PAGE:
How to build a volcano with salt dough

Written by beverley gee
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How to build a volcano with salt dough
Build a volcano like this using salt dough. (Getty Thinkstock)

Building a volcano using salt dough is a good classroom project. It's also an absorbing school holiday activity on a rainy day. Children can choose to build a realistic volcano, perhaps to add to a landscape display, or they could build one that will actually erupt. The dry, non-erupting volcano will last for years, but the salt dough will eventually collapse if it continually gets wet. Adult assistance will be necessary to take care of the baking process.

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Things you need

Gather your volcano-making supplies:

Plain flour Salt Water Roasting tin Aluminium foil 500 ml plastic bottle Oven Acrylic paint and brushes 1 tsp washing-up liquid 2 tbsp bicarbonate of soda Vinegar

Make the salt dough

Make up a quantity of salt dough by mixing the flour and salt in the ratio of 2 tbsp flour to 1 tbsp salt. Add cold water gradually until the right consistency is reached. It shouldn't be too dry or too soft and floppy. The amount you need depends how big you want your volcano to be. Start with 14 tbsp flour and 7 tbsp salt. If you need more, make an additional batch.

How to build a volcano with salt dough
If your dough feels too wet, add some more flour. (Thinkstock Images/Comstock/Getty Images)

Building the volcano

Place the bottle in the middle of the roasting tin. Crumple the tin foil around the bottle to make a volcano shape. Make sure you can remove the bottle easily, but leave it in place for now to provide a firm structure. Smooth the salt dough over the sides of the foil volcano. It should be roughly 2 cm thick. Spread the dough down and around the base, on to the roasting tin. Don't allow it to become too thin. Remove the bottle and carefully smooth the top edge of the volcano, making sure you will be able to replace the bottle after baking.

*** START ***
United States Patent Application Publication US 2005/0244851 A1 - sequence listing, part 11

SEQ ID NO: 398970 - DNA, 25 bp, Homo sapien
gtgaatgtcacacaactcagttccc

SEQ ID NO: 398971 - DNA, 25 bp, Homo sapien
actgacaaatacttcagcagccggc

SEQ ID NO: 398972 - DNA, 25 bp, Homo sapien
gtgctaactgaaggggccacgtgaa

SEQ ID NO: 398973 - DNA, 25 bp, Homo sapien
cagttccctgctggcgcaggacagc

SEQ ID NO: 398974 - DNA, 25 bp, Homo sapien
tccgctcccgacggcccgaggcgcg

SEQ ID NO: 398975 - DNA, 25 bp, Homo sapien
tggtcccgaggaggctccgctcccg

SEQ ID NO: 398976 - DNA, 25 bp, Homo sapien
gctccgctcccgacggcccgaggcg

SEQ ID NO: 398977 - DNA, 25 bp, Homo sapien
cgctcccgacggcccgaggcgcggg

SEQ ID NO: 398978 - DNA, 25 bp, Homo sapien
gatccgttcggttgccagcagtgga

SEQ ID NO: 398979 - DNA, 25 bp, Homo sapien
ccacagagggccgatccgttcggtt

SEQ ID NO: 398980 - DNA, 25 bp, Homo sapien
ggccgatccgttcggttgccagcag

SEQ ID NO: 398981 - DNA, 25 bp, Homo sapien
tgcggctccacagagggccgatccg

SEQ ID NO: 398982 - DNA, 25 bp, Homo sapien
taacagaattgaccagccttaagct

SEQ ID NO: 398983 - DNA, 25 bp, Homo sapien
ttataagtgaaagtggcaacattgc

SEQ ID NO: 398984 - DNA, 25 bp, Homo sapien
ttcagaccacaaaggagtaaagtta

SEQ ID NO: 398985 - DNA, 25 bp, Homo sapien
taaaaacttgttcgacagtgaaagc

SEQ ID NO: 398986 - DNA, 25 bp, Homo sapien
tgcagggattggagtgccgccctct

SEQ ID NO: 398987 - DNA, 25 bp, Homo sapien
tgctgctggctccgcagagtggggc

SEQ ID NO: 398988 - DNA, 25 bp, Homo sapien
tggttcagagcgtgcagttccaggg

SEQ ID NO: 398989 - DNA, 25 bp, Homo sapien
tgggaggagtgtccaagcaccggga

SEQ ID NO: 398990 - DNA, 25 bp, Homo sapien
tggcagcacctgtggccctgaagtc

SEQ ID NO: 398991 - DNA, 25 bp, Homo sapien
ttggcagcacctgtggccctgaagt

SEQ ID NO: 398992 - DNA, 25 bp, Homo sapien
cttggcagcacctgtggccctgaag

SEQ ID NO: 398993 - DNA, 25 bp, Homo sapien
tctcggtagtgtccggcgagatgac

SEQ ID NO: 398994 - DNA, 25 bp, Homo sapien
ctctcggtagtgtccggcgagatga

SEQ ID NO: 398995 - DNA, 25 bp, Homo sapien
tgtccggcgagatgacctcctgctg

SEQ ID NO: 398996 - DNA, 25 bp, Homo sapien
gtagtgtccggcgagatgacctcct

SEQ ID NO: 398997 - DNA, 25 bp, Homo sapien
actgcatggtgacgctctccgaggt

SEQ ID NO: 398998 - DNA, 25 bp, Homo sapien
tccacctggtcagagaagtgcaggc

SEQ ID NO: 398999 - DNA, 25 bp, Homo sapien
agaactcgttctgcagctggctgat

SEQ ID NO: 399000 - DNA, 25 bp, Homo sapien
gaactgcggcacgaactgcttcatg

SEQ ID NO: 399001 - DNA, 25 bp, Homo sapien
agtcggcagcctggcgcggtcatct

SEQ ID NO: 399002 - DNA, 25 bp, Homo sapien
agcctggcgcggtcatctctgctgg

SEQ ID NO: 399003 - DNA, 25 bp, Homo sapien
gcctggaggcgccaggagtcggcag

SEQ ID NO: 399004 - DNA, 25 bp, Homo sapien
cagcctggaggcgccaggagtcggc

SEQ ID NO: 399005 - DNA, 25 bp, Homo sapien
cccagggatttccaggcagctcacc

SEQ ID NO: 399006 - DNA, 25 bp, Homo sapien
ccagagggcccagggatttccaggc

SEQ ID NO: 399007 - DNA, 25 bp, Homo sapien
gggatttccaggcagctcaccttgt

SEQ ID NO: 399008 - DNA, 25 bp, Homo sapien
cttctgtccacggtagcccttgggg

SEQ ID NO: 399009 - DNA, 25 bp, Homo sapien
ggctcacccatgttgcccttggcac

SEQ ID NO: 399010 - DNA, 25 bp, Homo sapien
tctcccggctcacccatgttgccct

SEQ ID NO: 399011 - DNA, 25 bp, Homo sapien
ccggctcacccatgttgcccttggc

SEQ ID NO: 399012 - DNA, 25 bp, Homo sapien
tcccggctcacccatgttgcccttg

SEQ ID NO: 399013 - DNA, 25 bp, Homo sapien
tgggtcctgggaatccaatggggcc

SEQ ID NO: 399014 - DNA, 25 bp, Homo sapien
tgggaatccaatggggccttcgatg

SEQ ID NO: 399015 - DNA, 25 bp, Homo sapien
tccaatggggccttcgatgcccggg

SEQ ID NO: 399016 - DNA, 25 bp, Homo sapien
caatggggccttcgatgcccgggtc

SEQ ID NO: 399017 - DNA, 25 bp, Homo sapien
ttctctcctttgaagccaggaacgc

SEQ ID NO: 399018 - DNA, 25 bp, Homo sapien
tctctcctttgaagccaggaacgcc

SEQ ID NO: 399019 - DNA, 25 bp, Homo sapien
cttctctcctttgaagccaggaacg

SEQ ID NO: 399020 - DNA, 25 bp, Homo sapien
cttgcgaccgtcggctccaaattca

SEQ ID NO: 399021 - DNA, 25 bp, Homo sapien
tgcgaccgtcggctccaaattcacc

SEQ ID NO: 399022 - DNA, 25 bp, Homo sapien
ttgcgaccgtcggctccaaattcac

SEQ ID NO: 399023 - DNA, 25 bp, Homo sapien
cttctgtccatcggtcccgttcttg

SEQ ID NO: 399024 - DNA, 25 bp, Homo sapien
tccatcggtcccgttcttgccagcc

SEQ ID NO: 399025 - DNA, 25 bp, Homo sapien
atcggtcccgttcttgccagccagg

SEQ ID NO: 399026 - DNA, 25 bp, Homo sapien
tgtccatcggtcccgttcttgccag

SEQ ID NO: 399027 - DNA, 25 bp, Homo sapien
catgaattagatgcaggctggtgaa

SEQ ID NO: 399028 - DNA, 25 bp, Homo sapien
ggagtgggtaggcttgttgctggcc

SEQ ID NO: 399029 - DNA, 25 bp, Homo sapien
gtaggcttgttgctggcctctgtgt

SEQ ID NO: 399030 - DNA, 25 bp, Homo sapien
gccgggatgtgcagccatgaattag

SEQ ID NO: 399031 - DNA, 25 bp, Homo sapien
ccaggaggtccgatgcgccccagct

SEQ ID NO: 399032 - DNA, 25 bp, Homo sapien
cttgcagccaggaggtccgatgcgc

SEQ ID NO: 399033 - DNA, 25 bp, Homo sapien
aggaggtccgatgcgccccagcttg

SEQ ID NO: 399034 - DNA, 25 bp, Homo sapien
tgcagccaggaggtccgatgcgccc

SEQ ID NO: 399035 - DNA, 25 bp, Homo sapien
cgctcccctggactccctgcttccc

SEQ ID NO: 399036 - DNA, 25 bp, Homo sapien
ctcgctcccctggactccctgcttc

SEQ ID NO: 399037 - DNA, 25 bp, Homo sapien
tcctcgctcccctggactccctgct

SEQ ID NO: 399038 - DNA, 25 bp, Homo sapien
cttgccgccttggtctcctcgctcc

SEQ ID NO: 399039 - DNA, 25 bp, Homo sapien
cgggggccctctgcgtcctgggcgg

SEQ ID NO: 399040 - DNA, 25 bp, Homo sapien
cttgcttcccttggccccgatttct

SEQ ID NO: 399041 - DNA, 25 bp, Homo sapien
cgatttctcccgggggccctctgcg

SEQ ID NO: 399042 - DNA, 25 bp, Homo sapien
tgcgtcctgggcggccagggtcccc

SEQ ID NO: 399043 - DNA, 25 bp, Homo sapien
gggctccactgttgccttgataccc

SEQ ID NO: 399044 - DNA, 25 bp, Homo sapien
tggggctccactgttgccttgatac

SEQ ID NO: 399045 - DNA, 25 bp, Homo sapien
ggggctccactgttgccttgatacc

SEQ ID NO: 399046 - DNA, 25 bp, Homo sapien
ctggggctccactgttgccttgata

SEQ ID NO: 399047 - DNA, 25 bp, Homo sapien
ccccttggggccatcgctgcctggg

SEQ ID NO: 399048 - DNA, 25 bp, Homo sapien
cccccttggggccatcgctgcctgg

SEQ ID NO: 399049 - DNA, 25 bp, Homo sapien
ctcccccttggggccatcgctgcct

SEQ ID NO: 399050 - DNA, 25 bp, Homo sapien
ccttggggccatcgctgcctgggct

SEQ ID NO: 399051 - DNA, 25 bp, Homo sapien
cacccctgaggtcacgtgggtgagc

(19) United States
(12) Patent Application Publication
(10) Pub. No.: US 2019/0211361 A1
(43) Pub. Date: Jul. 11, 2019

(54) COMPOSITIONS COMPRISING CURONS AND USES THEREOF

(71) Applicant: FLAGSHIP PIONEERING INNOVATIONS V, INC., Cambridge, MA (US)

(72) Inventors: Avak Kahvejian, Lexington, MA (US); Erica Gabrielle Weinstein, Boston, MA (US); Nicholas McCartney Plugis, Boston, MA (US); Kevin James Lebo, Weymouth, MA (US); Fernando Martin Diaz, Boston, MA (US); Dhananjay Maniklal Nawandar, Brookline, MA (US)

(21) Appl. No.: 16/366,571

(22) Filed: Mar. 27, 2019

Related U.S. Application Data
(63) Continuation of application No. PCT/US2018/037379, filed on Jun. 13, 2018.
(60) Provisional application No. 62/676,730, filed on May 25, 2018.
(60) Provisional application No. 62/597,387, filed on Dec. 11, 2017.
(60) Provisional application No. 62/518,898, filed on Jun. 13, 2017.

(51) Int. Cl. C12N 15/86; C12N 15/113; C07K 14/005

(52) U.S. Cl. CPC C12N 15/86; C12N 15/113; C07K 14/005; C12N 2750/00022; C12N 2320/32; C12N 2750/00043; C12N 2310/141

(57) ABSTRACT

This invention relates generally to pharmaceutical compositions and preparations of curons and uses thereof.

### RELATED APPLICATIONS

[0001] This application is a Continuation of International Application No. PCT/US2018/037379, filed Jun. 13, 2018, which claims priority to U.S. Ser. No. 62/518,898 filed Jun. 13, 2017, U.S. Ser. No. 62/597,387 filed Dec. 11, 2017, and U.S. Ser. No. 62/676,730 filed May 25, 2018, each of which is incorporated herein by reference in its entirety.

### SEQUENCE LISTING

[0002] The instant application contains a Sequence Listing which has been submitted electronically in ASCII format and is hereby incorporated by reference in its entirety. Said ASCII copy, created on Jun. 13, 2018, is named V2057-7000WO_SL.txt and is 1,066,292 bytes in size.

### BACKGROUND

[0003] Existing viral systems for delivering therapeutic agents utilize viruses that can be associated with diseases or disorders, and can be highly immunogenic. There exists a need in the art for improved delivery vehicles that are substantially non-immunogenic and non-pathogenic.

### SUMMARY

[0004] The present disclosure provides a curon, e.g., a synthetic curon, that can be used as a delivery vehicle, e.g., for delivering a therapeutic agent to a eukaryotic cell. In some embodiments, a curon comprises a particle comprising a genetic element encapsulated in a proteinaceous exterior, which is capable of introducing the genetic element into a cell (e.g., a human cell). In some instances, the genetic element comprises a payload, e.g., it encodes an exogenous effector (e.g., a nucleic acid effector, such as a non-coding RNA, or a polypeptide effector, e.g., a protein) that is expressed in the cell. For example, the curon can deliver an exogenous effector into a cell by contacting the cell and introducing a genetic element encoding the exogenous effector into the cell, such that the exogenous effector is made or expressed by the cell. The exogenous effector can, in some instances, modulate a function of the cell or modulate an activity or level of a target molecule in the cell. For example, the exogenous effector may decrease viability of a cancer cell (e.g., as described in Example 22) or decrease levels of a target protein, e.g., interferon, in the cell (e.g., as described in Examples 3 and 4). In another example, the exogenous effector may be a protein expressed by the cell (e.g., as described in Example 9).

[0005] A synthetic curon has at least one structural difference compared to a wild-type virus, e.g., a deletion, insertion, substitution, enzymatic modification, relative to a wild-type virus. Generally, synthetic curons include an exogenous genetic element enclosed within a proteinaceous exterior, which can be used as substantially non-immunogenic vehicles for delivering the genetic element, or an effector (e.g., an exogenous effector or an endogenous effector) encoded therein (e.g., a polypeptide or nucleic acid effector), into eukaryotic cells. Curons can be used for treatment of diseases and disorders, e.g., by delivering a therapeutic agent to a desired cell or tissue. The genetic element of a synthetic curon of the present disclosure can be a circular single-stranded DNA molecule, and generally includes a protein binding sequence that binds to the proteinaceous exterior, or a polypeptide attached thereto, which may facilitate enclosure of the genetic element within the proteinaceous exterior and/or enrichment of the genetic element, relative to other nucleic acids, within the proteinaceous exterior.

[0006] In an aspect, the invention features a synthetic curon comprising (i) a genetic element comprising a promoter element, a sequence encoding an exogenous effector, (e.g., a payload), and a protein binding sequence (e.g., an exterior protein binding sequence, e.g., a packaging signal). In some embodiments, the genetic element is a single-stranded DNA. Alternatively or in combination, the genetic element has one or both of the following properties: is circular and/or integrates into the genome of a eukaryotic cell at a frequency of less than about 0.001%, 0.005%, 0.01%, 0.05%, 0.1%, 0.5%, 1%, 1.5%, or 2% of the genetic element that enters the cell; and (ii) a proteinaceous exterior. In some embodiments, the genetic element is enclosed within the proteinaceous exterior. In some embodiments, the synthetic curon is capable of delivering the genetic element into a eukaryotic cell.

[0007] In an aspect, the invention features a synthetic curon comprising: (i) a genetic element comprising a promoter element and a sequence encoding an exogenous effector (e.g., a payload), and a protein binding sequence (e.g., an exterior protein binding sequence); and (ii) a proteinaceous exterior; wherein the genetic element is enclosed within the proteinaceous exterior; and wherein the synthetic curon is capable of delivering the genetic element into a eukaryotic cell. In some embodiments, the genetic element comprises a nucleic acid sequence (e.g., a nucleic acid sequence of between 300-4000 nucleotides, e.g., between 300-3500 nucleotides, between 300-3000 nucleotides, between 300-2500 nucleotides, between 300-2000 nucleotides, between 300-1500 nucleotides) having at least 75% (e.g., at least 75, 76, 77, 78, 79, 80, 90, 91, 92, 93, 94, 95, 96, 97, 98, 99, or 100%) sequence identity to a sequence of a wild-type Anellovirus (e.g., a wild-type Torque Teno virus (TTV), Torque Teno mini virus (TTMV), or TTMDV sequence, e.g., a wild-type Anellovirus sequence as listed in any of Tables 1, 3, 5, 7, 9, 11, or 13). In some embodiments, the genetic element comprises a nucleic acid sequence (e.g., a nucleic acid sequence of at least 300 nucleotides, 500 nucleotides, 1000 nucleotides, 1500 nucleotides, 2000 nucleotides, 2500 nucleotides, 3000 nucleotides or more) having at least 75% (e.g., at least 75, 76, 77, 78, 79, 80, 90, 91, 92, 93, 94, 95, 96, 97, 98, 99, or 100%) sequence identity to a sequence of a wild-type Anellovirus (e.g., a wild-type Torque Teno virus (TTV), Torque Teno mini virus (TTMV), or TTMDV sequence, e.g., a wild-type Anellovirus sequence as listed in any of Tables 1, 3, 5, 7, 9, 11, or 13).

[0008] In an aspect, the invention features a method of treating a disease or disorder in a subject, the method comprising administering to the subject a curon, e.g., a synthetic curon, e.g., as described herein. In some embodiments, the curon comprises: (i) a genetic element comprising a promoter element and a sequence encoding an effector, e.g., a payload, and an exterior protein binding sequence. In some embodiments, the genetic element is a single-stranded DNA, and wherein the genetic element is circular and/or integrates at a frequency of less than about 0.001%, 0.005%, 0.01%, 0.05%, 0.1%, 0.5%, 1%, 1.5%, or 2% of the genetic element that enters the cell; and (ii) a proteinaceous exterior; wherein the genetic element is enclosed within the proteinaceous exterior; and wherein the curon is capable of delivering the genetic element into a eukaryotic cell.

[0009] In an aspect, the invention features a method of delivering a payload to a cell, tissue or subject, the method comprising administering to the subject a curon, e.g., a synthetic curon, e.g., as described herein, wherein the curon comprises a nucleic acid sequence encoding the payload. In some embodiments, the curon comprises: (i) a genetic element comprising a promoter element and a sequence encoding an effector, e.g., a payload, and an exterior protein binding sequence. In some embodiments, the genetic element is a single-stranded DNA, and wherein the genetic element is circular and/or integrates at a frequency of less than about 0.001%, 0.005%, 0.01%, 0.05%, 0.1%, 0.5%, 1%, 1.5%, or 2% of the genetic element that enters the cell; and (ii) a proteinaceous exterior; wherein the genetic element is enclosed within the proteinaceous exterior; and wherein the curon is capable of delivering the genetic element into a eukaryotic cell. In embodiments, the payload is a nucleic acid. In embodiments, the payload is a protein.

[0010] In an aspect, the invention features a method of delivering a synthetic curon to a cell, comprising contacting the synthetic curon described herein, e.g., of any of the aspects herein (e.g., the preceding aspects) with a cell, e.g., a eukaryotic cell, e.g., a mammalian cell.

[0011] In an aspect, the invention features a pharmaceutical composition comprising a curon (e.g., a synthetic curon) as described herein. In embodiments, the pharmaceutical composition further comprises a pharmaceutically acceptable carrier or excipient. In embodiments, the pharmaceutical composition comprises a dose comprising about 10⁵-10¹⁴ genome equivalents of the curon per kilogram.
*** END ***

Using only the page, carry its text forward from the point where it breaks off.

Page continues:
Drying the volcano

Place the roasting tin in the oven. Bake at 150 C or gas Mark 2. This a drying process, rather than cooking, so will take several hours. Check every hour, then more frequently as the dough hardens. It should deepen in colour very slightly and be firm to the touch. If the dough feels springy, it isn't done. Remove from the oven and allow to cool completely. Leave the volcano on the roasting tin if you intend to make the erupting version, otherwise you can carefully lift it off and place on a table or work surface.

Paint the volcano realistically, with green and brown sides until about half way up. Add red “lava” spilling over the top and downwards. At this point the non-erupting volcano is complete.

Erupting volcano

Replace the bottle inside the volcano and fill to within 5 cms of the bottle top. Add the washing-up liquid and bicarbonate of soda. Carefully pour in a little vinegar and watch the volcano erupt. The baking tin will catch the “lava”. Clean up and dry as best you can and the volcano will live to erupt again.

Additional tips: Repair any cracks that appear after baking with PVA glue. You could add red food colouring to the water in the bottle when making the erupting version. Give the non-erupting version a coat or two of interior wood varnish to preserve it for many years.

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